Writing JavaScript Outside of the CodeHS Editor

About the Author:
Andy Bayer is a senior at Northwestern University in Chicago majoring in Computer Science and Oboe Performance. His hobbies include running and playing the oboe. His preferred language to code in is Python.

We’ve made a lot of improvements to the way that you can take your CodeHS code with you and use it on other web pages. Now you can just include the CodeHS JavaScript library and use it like any other script tag!

If you’ve worked through our JavaScript programs you may remember functions like `add()` and `setPosition()` along with objects like `Rectangle`, `Circle` and `Randomizer`. Until now, these only ever existed inside the editor on codehs.com — they’re not part of the standard JavaScript programming language so we just wrote them ourselves. But this meant they were only ever accessible inside CodeHS.

Now we’ve made it possible to take any JavaScript program you wrote with CodeHS and post it on your own blog, website, or just run it locally. All the background code you need can now be included with just one line.

To move one of your JavaScript programs out of CodeHS, just open it in the CodeHS editor then click More > Embed and follow the instructions.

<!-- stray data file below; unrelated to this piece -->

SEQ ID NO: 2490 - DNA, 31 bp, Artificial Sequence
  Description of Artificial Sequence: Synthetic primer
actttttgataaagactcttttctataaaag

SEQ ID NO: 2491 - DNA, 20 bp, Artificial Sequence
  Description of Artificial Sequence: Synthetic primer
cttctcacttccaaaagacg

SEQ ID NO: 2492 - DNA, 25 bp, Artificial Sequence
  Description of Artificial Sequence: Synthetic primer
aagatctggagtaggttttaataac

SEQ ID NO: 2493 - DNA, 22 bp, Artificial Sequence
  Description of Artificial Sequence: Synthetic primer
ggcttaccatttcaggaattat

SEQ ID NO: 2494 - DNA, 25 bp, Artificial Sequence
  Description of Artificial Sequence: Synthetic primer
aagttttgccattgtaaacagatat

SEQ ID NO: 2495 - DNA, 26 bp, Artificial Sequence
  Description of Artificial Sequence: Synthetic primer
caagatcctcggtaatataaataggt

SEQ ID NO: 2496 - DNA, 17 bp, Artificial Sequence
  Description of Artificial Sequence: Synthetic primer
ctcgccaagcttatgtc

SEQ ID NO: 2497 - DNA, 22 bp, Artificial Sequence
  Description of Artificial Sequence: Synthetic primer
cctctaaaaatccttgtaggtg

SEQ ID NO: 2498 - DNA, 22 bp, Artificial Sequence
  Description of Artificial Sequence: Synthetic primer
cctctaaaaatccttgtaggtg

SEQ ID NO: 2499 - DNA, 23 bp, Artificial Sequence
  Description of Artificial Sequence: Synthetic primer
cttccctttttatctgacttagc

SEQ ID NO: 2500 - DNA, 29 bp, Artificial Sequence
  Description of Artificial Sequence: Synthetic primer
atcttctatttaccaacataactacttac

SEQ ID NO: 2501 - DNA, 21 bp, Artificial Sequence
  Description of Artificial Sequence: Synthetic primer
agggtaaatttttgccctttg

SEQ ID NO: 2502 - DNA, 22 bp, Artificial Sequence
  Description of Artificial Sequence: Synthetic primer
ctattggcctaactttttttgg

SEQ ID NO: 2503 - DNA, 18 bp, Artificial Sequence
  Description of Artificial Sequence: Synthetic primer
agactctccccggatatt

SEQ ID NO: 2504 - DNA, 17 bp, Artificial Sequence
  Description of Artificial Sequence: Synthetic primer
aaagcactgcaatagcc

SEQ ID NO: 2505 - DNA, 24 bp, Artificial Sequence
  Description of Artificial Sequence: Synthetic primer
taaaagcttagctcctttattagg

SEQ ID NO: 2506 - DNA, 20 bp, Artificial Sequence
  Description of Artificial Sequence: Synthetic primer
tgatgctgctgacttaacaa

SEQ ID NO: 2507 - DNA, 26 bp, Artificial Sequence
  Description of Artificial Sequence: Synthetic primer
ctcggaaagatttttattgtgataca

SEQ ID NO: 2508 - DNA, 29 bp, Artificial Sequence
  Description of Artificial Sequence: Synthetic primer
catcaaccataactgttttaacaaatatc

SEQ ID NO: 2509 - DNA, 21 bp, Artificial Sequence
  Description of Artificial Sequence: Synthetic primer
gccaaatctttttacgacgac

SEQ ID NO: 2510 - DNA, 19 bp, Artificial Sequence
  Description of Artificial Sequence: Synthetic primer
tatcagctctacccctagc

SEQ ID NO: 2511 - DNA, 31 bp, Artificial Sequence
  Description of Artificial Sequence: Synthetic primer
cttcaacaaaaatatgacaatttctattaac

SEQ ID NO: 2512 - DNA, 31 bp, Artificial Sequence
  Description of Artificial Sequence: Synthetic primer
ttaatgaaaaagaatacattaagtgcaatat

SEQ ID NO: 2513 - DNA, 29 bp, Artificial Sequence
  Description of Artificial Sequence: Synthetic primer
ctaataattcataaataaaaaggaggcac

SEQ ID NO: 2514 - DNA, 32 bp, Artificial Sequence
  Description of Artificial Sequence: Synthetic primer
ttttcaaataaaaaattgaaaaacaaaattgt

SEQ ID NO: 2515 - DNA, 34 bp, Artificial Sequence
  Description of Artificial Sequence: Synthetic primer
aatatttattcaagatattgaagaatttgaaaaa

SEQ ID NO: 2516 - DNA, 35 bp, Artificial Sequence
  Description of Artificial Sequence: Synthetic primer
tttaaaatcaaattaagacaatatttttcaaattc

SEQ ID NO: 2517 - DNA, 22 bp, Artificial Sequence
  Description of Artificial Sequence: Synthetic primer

Full Documentation and Libraries on npm

We’ve also added full documentation for all of the code we have running in the CodeHS libraries. You can now see the full documentation on the Docs tab of any editor or by visiting codehs.com/docs. You can also download the packages from https://www.npmjs.com/~codehs and play around with the source code.

See a Demo!

You can see a sample CodeHS graphics program running on its own HTML page here: http://thekeesh.com/codehs/breakout/. If you want to see the source right click and select “View Page Source.” Here you can see 2048, or a version that shows the code as well.

Some More Technical Details

What is actually happening when you need to take your code outside of CodeHS is a few things:

  1. Include our JavaScript library just like any other script tag
  2. Create your own canvas to draw on with the <canvas> html element
  3. Make sure to call the start() function.

We do this all for you and you can easily modify it from there!